C’est le bouquet (aka Special Delivery) is much lighter. For an initial, brief moment, it threatens to be one of those French roundelays of illicit romances, but the film turns out to be quite the opposite – a transformation of banal everyday trifles into a charming delectable romp.It has an amazing cast filled with faces of unconventional beauty, which also describes the movie itself.Emmanuel Kirsch (Richard Debuise) gives married Catherine (Sandrine Kiberlain) a bouquet of flowers as an apology for calling her too early in the morning after no contact for fifteen years. At the same time, Catherine’s husband, Raphael (Jean-Pierre Darroussin) gets fired by boss Stephane (Mathieu Amalric). The two events together spiral out of control to involve nosy neighbors Antoine (Maurice Benichou) and wife Alice (Helene Lapiower), Raph’s horny co-worker, Edith (Dominique Blanc), playwright Robert (Jean-Claude Brialy), and his live-in partner Laurent (Dominique Besnehard).The cast is truly all-star, collecting some of France’s best and brightest actors. Just looking at Amalric (My Sex Life), France’s answer to Steve Buscemi, is funny. And how Darroussin (Marius and Jeannette) can hold so much screen presence while looking like a schlub is a minor miracle.There are teasing lessons in geography, political correctness, and corporate politics to be had amid the amusing word play and comically absurd situations.While the film pokes fun at French obsession with intellectualism, it is seemingly pure, delightful fluff until a touching ending that reveals the human need to reach out that started it all.Writer-director Jeanne Labrune’s choice of some classic Philip Glass (Dance VIII, Akhnaten) along with Bruno Fontaine’s Poulenc-like score give the movie that extra oomph.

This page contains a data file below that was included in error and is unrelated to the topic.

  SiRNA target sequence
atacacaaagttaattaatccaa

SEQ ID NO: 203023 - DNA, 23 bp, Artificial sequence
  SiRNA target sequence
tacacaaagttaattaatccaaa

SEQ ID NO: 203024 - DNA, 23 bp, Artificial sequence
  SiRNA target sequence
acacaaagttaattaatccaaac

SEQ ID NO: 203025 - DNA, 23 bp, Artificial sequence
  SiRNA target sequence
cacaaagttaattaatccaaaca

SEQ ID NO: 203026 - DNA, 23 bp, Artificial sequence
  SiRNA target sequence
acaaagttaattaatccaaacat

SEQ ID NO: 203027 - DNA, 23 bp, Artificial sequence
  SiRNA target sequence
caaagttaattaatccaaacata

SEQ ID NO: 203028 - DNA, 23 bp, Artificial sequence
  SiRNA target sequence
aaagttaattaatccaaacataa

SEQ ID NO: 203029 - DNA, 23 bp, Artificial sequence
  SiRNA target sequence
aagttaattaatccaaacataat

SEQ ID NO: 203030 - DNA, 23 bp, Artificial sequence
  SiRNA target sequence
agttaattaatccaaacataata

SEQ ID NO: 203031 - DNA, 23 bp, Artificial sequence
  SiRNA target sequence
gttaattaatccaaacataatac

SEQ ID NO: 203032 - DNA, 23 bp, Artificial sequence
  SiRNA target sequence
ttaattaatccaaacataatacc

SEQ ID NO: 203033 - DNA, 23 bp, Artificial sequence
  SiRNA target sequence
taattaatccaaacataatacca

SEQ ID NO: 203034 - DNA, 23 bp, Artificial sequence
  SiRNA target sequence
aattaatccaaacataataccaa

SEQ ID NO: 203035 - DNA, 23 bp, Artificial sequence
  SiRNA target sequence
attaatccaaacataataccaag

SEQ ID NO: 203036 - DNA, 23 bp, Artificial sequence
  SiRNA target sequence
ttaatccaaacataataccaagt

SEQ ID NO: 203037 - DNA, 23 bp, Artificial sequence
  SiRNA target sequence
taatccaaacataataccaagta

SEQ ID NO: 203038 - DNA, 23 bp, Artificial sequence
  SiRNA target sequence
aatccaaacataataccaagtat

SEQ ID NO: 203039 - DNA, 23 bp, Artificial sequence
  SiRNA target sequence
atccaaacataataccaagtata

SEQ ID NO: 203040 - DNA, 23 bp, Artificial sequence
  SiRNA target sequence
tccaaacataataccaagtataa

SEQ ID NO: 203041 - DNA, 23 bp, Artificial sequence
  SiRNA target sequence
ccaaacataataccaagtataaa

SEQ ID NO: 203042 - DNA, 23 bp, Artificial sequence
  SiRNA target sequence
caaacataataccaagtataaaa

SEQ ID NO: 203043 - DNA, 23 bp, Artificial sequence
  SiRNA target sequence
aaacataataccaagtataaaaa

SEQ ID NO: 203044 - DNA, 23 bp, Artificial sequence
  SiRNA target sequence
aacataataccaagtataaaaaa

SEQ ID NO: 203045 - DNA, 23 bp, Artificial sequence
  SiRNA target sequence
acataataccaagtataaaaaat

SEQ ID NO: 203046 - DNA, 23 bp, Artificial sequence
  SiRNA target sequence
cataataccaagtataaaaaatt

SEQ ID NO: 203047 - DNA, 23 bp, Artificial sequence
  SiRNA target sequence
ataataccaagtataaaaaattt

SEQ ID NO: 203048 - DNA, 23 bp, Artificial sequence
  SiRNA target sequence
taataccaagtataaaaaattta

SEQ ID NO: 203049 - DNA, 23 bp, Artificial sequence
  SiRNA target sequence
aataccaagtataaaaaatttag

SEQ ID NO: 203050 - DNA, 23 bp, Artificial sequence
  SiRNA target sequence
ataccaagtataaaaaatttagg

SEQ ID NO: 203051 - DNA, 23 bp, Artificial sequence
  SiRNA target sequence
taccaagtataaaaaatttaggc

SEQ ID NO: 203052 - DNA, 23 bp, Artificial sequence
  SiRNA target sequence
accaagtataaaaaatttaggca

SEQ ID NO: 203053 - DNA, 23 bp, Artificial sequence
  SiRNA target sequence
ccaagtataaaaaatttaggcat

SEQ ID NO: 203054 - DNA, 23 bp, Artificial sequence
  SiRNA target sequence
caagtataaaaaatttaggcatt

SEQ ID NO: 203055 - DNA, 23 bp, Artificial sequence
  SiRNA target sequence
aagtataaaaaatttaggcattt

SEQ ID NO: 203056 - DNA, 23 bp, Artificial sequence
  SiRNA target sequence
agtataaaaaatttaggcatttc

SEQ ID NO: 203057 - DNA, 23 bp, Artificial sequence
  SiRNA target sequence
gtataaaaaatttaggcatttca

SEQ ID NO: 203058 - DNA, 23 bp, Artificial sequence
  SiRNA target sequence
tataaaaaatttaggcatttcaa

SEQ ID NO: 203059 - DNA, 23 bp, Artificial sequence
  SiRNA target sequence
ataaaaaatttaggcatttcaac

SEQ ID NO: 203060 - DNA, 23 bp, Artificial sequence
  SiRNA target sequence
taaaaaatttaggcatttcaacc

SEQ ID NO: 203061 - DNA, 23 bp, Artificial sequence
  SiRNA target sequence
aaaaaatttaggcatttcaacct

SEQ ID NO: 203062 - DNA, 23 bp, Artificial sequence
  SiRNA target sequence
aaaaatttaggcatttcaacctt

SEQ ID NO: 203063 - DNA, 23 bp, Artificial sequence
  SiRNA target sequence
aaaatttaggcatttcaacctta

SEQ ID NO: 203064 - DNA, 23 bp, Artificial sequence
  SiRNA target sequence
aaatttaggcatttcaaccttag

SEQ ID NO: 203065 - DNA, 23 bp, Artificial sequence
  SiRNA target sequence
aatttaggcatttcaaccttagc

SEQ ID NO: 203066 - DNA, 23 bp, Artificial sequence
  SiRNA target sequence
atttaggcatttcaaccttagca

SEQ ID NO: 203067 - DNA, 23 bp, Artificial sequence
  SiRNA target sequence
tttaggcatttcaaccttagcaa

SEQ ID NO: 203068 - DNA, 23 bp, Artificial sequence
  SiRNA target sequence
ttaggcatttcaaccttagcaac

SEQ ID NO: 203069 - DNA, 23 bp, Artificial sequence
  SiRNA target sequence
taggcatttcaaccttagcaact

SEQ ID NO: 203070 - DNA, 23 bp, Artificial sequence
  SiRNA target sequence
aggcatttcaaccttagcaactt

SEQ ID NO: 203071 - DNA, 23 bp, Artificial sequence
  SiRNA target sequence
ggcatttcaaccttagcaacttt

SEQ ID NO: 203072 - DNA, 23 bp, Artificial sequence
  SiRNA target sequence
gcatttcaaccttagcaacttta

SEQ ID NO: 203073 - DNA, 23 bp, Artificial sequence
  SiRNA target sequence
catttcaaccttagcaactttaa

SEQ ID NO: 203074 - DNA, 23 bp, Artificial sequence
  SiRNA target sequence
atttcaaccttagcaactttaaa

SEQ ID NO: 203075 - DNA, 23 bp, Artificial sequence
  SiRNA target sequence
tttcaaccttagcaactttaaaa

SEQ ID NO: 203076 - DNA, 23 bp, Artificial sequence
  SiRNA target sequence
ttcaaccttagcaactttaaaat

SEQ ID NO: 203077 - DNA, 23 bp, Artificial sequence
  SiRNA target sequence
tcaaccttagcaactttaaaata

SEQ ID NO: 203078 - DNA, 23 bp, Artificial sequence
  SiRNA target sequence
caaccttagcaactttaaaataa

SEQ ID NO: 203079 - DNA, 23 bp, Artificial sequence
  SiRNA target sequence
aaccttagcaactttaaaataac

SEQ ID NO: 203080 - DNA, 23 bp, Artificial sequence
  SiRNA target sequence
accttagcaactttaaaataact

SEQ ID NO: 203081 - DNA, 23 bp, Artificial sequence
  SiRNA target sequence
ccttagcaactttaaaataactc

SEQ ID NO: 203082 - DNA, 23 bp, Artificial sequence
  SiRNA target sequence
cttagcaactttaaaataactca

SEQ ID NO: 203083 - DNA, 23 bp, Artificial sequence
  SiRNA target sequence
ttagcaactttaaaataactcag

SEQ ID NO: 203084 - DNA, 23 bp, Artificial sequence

Another comedy, Monique, is proof that French farce can be just as idiotic as American ones. The story is of a despondent and aloof family man, Alex (Albert Dupontel), who falls for a state of the art sex doll after his son leaves for school and his wife, Claire (Marianne Denicourt), starts cheating on him. Replace all realistic human psychology with lame contrivances, and somehow the $6,000, silicon-molded 34E-22-35 “Monique” rejuvenates Alex’s life and that of all those around him. For much of the film’s length, writer-director Valerie Guignabodet’s style is naturalistic.Only when she brings out the outright wacky in the last quarter of the film does it pick up as tone finally meshes with content.Denicourt wielding a rifle and her first meeting with Monique are easily the movie’s highlights. Exactly how the uniquely sexy Denicourt (La Belle Noiseuse) has been so quickly relegated to playing a middle-aged mother with a son in his late teens is as much a mystery as why a man would prefer a sex doll to her.